Ryobi makes a good work/home flashlight at a reasonable price. Collecting tools is a minor hobby of mine. I have some old tools left over from the farm and some from my engineering days of long ago. I would have had a lot more beautiful old tools from my grandfather Marsh except my parents sold them to a scrap metal dealer while I was at high school for the day. That was a sad event in my life.
I may not actually use all the old tools I own but this flashlight I use all the time. It’s part of their 18 volt rechargeable battery system which I like primarily because I can actually afford these tools and they seem to last just about forever. Ryobi is sold only at Home Depot.
The physical configuration of this flashlight allows it to snap onto a 2 x4 easily which is handy. The end of the light can be swiveled to aim at your work when you set it down. The detachable battery allows it to run basically forever on a project. It is very bright and focused. I dropped the thing from about 10 feet in the air onto a floor by accident and it actually survived although the battery was dented so I don’t use that battery anymore. The run time per battery is many hours and depends on the size of battery that you use. I typically buy the small compact lithium ion batteries because they cost less, weigh less, fit in spaces better and run long enough for any project I will ever do.
Flashlights are simple and common but this one is definitely a cut above the rest in my opinion. You can see it is designed well when you use it.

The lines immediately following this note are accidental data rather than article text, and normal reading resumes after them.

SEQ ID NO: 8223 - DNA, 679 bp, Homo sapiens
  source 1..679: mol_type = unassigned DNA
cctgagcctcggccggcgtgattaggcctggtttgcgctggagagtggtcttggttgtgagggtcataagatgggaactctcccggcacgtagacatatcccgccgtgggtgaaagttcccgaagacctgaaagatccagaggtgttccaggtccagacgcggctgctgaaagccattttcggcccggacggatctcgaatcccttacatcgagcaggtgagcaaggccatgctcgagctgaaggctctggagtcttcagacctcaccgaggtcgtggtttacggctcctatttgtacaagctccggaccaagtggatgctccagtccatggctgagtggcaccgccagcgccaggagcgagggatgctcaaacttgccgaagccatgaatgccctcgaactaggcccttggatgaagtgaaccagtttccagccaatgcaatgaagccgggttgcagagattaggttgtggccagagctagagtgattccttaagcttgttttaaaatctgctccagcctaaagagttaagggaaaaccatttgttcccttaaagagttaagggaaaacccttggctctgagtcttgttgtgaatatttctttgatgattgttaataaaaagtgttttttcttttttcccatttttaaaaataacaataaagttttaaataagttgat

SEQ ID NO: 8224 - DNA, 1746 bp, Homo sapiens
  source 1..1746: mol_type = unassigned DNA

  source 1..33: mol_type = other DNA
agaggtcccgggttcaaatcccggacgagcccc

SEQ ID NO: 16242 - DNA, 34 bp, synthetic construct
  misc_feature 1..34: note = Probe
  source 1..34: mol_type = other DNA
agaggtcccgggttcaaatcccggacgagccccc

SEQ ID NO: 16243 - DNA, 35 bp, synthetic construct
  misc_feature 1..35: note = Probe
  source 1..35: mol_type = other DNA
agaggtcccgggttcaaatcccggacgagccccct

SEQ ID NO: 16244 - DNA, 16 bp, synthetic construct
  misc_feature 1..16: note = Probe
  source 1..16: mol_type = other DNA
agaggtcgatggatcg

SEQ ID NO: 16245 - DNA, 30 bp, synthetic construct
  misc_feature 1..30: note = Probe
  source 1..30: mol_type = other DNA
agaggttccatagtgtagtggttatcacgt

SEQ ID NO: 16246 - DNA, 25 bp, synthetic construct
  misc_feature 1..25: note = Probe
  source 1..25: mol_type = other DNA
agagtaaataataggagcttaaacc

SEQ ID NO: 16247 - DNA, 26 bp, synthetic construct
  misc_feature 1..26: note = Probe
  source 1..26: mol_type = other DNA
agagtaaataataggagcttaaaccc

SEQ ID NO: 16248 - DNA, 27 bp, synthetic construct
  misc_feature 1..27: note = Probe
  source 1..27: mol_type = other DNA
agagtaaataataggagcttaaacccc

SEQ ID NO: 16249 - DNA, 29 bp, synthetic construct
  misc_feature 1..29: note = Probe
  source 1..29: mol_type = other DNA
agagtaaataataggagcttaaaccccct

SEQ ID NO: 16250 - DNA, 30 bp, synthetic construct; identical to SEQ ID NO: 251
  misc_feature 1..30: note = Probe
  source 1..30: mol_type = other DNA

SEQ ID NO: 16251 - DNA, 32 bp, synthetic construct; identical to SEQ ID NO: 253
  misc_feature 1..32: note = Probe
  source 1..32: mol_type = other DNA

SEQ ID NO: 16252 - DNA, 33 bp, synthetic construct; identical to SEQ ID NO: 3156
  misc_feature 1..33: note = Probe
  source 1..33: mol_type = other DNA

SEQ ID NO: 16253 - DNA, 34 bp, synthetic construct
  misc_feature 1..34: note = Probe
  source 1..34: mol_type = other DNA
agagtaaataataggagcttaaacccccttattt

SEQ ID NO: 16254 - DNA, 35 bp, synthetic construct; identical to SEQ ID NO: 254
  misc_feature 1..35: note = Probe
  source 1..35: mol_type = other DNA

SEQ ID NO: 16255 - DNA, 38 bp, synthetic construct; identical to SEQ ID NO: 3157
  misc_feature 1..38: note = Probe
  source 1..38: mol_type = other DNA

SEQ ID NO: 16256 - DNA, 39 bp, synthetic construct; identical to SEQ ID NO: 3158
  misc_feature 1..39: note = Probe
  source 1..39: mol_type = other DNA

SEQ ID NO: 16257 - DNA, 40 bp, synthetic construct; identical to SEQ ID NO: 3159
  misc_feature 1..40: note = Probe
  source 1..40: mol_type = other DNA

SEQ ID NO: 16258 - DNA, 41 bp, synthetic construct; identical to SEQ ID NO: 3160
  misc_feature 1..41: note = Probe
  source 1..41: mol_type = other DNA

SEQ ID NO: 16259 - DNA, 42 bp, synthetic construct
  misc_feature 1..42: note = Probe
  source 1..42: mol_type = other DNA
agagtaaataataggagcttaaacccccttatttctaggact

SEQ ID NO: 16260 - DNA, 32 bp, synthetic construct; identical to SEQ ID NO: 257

I planted two of these Manchurian Apricot trees at our old house in Illinois eons ago and despite my best efforts at neglect, I was unable to kill them. I actually got an apricot before someone accidentally trimmed them severely into a small bush form.
I planted two of these Apricot trees here in my Wisconsin garden as soon as we got our latest house. Any plant that I can’t kill and that produces free food is my kind of plant. The squirrels and rabbits never bothered the Apricot trees in Illinois but I put the plastic mesh around them here just in case. I have found that a two foot high plastic mesh attached loosely to a stake seems to stop trees from being eaten to the ground by wonderful little woodland creatures.
It’s not real inexpensive to fix an old garage door with a broken spring. We finally got the car out by doing a double lift on the heavy door then having one of us hold it in place. Plan to lock the thing in place and let it sit until I can scrape up the cash to fix it. The garage door opener itself also looks fairly ancient and will probably go next.
Would like to get a Ryobi garage door opener with some of the extra features. It has a bunch of great accessories including fans, laser parking assist, bluetooth speaker and camera security system. Yes, I know I’m dreaming because my wife would never let me use that much cash on a garage door opener. It’s OK to dream. Maybe one of my readers could buy one and let me know about their experience.
Cats have to do their business someplace. Cut a hole in a rubbermaid container with high sides and set it in half a cardboard box. The hole should face the interior of the cardboard box.
This arrangement is cheap and works far better than anything I have ever seen. It works well for even giant size cats if you get a big enough container with high sides. The cat is forced to walk on the cardboard which tends to get rid of any litter before he gets on your floor. Accidents are almost totally eliminated. I am sure the idea is not original to me because it just works too good and is too obvious. Expensive cat litter boxes are just not worth the money.